You don't want to just throw boots on your dog without some preparation, as many dogs can't figure out how to walk normally with them on without some practice. In this video you'll see how to easily introduce your dog to wearing their boots:
It can be very useful to have your dog help carry their hiking supplies by having them wear a dog backpack. Not all dogs should wear a backpack though — check with your veterinarian to make sure your dog can physically handle and has the right body type for the extra weight of a pack. For example, my Corgi isn't a good candidate for wearing a backpack anymore because of her older age and long back, which puts her more at risk of a spinal injury. If you plan on using one on your hike, you’ll want to get them used to wearing it empty first, and then add weight incrementally to build up their stamina.
Choose a dog backpack based on your hiking needs — there are lots of options depending on whether you plan on backpacking, camping, or just going on a day hike. Ruffwear's Approach Dog Pack is form-fitting and the placement of the saddlebags is great for helping your pup keep their balance. Ruffwear also offers a great Core Cooler Chest Panel that can be clipped into any of their backpacks or harnesses — a great option if you're hiking in warmer weather. Other popular and quality dog backpacks include the Kurgo Dog Pack and Outward Hound's Denver Urban Dog Backpack.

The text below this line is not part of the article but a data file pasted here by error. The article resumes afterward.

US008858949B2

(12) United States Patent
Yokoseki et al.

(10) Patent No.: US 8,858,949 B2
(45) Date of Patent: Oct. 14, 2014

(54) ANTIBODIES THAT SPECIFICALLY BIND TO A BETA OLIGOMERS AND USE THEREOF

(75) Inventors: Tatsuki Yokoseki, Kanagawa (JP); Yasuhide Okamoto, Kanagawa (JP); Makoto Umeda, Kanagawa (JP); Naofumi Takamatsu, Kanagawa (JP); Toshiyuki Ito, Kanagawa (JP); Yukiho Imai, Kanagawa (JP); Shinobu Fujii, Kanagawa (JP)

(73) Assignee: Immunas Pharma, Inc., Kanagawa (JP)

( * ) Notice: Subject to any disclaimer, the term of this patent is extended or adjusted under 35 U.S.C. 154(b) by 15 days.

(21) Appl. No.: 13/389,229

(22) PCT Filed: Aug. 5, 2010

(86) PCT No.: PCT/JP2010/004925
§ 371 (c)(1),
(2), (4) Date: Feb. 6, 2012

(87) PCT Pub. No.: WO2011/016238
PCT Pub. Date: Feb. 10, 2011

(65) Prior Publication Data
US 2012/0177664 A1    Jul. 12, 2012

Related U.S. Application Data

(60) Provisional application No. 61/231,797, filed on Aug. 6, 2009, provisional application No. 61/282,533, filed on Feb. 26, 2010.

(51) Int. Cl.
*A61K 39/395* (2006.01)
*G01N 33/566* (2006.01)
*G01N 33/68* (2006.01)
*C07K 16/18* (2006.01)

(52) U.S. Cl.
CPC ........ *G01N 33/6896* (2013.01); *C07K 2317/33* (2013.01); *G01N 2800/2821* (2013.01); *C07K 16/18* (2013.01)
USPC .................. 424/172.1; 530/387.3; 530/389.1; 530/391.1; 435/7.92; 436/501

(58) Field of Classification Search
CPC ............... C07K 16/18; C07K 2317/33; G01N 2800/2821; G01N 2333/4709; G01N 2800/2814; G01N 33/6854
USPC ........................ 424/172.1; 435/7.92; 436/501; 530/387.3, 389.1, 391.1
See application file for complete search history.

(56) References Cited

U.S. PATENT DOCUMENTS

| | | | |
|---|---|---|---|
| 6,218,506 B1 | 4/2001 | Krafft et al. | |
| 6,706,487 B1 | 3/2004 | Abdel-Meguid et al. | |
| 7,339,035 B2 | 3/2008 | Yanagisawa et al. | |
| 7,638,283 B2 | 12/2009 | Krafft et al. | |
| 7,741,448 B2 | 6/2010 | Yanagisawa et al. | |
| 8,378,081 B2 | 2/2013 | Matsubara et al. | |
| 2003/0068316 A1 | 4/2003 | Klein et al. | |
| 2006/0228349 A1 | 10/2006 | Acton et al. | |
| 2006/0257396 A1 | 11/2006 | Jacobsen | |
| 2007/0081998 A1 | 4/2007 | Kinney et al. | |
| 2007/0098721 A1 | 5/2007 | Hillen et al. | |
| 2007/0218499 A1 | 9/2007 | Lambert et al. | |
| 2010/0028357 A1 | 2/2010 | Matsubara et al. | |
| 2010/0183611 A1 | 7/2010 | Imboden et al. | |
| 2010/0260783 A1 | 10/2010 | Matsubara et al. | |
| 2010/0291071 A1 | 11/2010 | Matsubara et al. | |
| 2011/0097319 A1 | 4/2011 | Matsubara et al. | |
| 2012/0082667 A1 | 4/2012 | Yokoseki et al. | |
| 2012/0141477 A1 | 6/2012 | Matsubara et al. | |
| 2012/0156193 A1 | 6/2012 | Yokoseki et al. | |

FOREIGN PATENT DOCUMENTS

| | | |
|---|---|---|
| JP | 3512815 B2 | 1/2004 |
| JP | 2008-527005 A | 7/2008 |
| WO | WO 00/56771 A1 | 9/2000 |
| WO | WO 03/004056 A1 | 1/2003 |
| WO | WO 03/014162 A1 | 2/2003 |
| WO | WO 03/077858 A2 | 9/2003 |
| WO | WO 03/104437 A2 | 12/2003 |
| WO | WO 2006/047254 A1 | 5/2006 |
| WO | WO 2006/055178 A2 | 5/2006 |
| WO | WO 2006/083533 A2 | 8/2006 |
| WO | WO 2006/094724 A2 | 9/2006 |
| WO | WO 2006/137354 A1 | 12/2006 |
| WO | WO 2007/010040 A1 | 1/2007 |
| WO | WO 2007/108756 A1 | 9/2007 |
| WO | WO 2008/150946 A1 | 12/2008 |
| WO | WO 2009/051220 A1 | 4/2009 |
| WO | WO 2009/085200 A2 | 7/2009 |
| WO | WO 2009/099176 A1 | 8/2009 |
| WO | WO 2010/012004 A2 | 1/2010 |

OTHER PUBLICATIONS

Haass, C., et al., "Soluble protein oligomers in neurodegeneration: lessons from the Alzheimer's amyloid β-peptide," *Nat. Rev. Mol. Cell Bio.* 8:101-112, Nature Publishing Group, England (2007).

The weight of your dog’s pack should never exceed more than 20–25% of their body weight — but don't start at that weight, start with an empty pack and then gradually build up the weight over several sessions/days to best condition and gauge what your dog can handle. Also, check that the backpack is fit correctly, and supplies are balanced evenly for your dog’s body.
Vaccinations and Parasite Preventatives
Your veterinarian will also make sure that your dog has any and all vaccinations they’ll need. Your dog might need additional vaccinations if you plan on hiking in certain areas.